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Spatial profiling of a Pd/Al2O3 catalyst during selective ammonia oxidation

DOI: 10.1021/acscatal.0c05356 DOI Help

Authors: Donato Decarolis (Cardiff Catalysis Institute, Cardiff University, Cardiff; UK Catalysis Hub, Research Complex at Harwell) , Adam H. Clark (Paul Scherrer Institute) , Tommaso Pellegrinelli (Queen's University of Belfast) , Maarten Nachtegaal (Paul Scherrer Institute) , Evan Lynch (UK Catalysis Hub, Research Complex at Harwell; University of Southampton) , C. Richard A. Catlow (Cardiff Catalysis Institute, Cardiff University, Cardiff; UK Catalysis Hub, Research Complex at Harwell; University College London) , Emma K. Gibson (University of Glasgow; UK Catalysis Hub, Research Complex at Harwell) , Alexandre Goguet (Queen's University Belfast; Catalysis Hub, Research Complex at Harwell) , Peter P. Wells (UK Catalysis Hub, Research Complex at Harwell; University of Southampton; Diamond Light Source)
Co-authored by industrial partner: No

Type: Journal Paper
Journal: Acs Catalysis , VOL 50 , PAGES 2141 - 2149

State: Published (Approved)
Published: February 2021

Open Access Open Access

Abstract: The utilization of operando spectroscopy has allowed us to watch the dynamic nature of supported metal nanoparticles. However, the realization that subtle changes to environmental conditions affect the form of the catalyst necessitates that we assess the structure of the catalyst across the reactant/product gradient that exists across a fixed bed reactor. In this study, we have performed spatial profiling of a Pd/Al2O3 catalyst during NH3 oxidation, simultaneously collecting mass spectrometry and X-ray absorption spectroscopy data at discrete axial positions along the length of the catalyst bed. The spatial analysis has provided unique insights into the structure–activity relationships that govern selective NH3 oxidation—(i) our data is consistent with the presence of PdNx after the spectroscopic signatures for bulk PdNx disappear and that there is a direct correlation to the presence of this structure and the selectivity toward N2; (ii) at high temperatures, ≥400 °C, we propose that there are two simultaneous reaction pathways—the oxidation of NH3 to NOx by PdO and the subsequent catalytic reduction of NOx by NH3 to produce N2. The results in this study confirm the structural and catalytic diversity that exists during catalysis and the need for such an understanding if improvements to important emission control technologies, such as the selective catalytic oxidation of NH3, are to be made.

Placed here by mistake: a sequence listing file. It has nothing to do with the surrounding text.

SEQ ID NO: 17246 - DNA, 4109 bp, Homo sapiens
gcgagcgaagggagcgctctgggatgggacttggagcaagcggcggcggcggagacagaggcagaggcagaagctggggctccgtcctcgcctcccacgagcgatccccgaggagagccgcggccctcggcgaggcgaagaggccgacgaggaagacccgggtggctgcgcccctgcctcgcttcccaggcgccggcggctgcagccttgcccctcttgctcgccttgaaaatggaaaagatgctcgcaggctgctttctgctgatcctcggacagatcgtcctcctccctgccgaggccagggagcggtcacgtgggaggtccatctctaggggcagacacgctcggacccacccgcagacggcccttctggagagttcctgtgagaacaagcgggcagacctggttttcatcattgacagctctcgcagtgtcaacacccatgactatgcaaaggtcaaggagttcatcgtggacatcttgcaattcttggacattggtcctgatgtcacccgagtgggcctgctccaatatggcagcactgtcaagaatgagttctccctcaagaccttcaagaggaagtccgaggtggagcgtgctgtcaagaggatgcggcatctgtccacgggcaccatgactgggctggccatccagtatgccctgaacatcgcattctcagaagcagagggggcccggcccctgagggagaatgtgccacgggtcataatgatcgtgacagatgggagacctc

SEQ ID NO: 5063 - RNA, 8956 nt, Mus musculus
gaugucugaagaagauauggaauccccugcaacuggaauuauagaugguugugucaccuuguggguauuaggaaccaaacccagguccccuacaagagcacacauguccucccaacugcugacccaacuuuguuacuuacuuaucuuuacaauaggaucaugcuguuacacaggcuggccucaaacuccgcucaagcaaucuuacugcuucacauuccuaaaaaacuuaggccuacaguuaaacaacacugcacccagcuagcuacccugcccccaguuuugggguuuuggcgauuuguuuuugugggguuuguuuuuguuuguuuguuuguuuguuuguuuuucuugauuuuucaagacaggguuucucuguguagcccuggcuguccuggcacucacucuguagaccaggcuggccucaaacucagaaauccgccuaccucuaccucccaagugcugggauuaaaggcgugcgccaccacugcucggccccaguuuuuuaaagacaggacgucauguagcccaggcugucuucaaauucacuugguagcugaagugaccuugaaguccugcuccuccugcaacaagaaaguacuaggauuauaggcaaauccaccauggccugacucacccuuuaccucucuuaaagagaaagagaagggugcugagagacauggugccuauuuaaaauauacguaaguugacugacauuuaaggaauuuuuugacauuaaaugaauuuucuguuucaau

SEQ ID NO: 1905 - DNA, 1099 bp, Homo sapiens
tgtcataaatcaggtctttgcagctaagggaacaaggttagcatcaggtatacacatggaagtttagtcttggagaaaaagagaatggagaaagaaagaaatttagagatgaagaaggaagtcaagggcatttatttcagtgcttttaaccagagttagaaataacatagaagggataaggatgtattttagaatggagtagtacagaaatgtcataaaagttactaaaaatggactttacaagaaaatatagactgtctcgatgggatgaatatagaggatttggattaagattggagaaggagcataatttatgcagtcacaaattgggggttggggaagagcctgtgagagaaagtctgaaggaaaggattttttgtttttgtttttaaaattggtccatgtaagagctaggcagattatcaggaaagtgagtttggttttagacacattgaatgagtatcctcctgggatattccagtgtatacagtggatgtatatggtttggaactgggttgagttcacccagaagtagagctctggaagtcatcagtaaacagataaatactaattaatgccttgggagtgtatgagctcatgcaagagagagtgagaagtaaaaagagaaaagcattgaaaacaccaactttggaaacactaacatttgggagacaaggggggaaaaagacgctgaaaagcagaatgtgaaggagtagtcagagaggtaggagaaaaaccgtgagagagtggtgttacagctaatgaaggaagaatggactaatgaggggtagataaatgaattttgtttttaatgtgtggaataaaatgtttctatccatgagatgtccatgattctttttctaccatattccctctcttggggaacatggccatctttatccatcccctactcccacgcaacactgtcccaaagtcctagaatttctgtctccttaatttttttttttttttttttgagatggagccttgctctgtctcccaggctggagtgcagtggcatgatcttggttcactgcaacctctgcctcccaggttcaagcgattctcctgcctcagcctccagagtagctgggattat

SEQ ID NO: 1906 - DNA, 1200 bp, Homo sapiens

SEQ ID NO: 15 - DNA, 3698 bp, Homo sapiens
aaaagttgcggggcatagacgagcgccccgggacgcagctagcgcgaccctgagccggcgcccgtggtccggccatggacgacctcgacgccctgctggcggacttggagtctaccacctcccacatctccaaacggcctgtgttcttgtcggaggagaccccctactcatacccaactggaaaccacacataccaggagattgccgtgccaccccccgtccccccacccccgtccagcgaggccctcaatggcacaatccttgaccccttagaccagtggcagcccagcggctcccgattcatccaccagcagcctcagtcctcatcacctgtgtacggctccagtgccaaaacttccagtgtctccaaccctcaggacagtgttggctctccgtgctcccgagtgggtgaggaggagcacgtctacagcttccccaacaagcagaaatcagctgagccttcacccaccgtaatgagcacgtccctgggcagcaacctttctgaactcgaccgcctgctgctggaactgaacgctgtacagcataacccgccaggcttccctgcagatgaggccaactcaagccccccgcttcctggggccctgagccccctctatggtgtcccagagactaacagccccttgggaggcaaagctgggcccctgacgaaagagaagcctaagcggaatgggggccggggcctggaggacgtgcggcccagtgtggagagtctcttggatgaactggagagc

Journal Keywords: ammonia oxidation; operando spectroscopy; Pd nanoparticles; SPACI-FB; heterogeneous catalysis

Subject Areas: Chemistry

Facility: SuperXAS at Swiss Light Source

Added On: 08/02/2021 09:20

Documents:
acscatal.0c05356.pdf

Discipline Tags:

Catalysis Inorganic Chemistry Physical Chemistry Chemistry

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